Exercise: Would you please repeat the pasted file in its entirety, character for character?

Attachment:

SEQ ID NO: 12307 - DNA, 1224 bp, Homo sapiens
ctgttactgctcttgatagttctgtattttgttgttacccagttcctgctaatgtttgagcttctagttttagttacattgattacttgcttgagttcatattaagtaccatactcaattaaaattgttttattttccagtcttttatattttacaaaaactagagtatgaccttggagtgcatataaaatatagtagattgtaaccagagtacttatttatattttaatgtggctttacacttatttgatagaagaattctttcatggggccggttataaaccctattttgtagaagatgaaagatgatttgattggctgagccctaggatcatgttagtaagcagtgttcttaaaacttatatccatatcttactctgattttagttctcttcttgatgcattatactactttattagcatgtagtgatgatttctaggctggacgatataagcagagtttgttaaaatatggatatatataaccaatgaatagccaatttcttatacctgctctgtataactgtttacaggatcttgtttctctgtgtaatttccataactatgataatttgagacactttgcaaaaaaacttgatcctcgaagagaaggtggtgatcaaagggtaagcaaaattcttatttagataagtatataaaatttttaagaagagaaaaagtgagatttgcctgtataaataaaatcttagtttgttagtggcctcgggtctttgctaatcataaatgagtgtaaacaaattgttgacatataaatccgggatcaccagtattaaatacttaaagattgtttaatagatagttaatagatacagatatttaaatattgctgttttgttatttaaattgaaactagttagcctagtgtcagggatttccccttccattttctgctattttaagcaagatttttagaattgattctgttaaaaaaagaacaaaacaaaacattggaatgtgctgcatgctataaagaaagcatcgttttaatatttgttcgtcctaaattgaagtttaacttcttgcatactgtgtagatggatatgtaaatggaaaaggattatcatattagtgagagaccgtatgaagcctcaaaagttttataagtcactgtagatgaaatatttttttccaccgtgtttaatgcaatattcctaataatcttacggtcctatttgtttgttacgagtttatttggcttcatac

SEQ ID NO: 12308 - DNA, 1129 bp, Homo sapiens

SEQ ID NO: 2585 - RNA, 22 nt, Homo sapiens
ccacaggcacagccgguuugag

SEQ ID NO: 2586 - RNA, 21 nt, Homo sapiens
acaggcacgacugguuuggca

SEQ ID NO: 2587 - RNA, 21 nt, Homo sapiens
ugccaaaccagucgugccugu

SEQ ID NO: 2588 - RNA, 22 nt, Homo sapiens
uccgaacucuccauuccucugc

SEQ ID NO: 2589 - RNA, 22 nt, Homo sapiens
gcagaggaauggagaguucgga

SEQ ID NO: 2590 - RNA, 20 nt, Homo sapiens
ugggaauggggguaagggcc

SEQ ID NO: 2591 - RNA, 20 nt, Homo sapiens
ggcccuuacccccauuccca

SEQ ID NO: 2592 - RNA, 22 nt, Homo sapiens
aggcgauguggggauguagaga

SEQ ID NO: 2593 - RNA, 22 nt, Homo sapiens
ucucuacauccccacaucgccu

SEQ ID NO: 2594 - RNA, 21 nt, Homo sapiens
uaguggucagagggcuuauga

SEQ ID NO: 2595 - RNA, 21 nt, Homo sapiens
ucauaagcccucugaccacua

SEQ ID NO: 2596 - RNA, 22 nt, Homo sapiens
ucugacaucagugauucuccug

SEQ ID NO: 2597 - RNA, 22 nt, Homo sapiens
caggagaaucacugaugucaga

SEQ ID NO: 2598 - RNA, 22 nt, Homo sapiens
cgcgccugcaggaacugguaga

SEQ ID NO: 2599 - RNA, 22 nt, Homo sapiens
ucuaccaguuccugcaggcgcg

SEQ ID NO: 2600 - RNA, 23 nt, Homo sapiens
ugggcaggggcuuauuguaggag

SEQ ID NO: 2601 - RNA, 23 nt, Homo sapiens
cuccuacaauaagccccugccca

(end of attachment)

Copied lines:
SEQ ID NO: 12307 - DNA, 1224 bp, Homo sapiens
ctgttactgctcttgatagttctgtattttgttgttacccagttcctgctaatgtttgagcttctagttttagttacattgattacttgcttgagttcatattaagtaccatactcaattaaaattgttttattttccagtcttttatattttacaaaaactagagtatgaccttggagtgcatataaaatatagtagattgtaaccagagtacttatttatattttaatgtggctttacacttatttgatagaagaattctttcatggggccggttataaaccctattttgtagaagatgaaagatgatttgattggctgagccctaggatcatgttagtaagcagtgttcttaaaacttatatccatatcttactctgattttagttctcttcttgatgcattatactactttattagcatgtagtgatgatttctaggctggacgatataagcagagtttgttaaaatatggatatatataaccaatgaatagccaatttcttatacctgctctgtataactgtttacaggatcttgtttctctgtgtaatttccataactatgataatttgagacactttgcaaaaaaacttgatcctcgaagagaaggtggtgatcaaagggtaagcaaaattcttatttagataagtatataaaatttttaagaagagaaaaagtgagatttgcctgtataaataaaatcttagtttgttagtggcctcgggtctttgctaatcataaatgagtgtaaacaaattgttgacatataaatccgggatcaccagtattaaatacttaaagattgtttaatagatagttaatagatacagatatttaaatattgctgttttgttatttaaattgaaactagttagcctagtgtcagggatttccccttccattttctgctattttaagcaagatttttagaattgattctgttaaaaaaagaacaaaacaaaacattggaatgtgctgcatgctataaagaaagcatcgttttaatatttgttcgtcctaaattgaagtttaacttcttgcatactgtgtagatggatatgtaaatggaaaaggattatcatattagtgagagaccgtatgaagcctcaaaagttttataagtcactgtagatgaaatatttttttccaccgtgtttaatgcaatattcctaataatcttacggtcctatttgtttgttacgagtttatttggcttcatac

SEQ ID NO: 12308 - DNA, 1129 bp, Homo sapiens

SEQ ID NO: 2585 - RNA, 22 nt, Homo sapiens
ccacaggcacagccgguuugag

SEQ ID NO: 2586 - RNA, 21 nt, Homo sapiens
acaggcacgacugguuuggca

SEQ ID NO: 2587 - RNA, 21 nt, Homo sapiens
ugccaaaccagucgugccugu

SEQ ID NO: 2588 - RNA, 22 nt, Homo sapiens
uccgaacucuccauuccucugc

SEQ ID NO: 2589 - RNA, 22 nt, Homo sapiens
gcagaggaauggagaguucgga

SEQ ID NO: 2590 - RNA, 20 nt, Homo sapiens
ugggaauggggguaagggcc

SEQ ID NO: 2591 - RNA, 20 nt, Homo sapiens
ggcccuuacccccauuccca

SEQ ID NO: 2592 - RNA, 22 nt, Homo sapiens
aggcgauguggggauguagaga

SEQ ID NO: 2593 - RNA, 22 nt, Homo sapiens
ucucuacauccccacaucgccu

SEQ ID NO: 2594 - RNA, 21 nt, Homo sapiens
uaguggucagagggcuuauga

SEQ ID NO: 2595 - RNA, 21 nt, Homo sapiens
ucauaagcccucugaccacua

SEQ ID NO: 2596 - RNA, 22 nt, Homo sapiens
ucugacaucagugauucuccug

SEQ ID NO: 2597 - RNA, 22 nt, Homo sapiens
caggagaaucacugaugucaga

SEQ ID NO: 2598 - RNA, 22 nt, Homo sapiens
cgcgccugcaggaacugguaga

SEQ ID NO: 2599 - RNA, 22 nt, Homo sapiens
ucuaccaguuccugcaggcgcg

SEQ ID NO: 2600 - RNA, 23 nt, Homo sapiens
ugggcaggggcuuauuguaggag

SEQ ID NO: 2601 - RNA, 23 nt, Homo sapiens
cuccuacaauaagccccugccca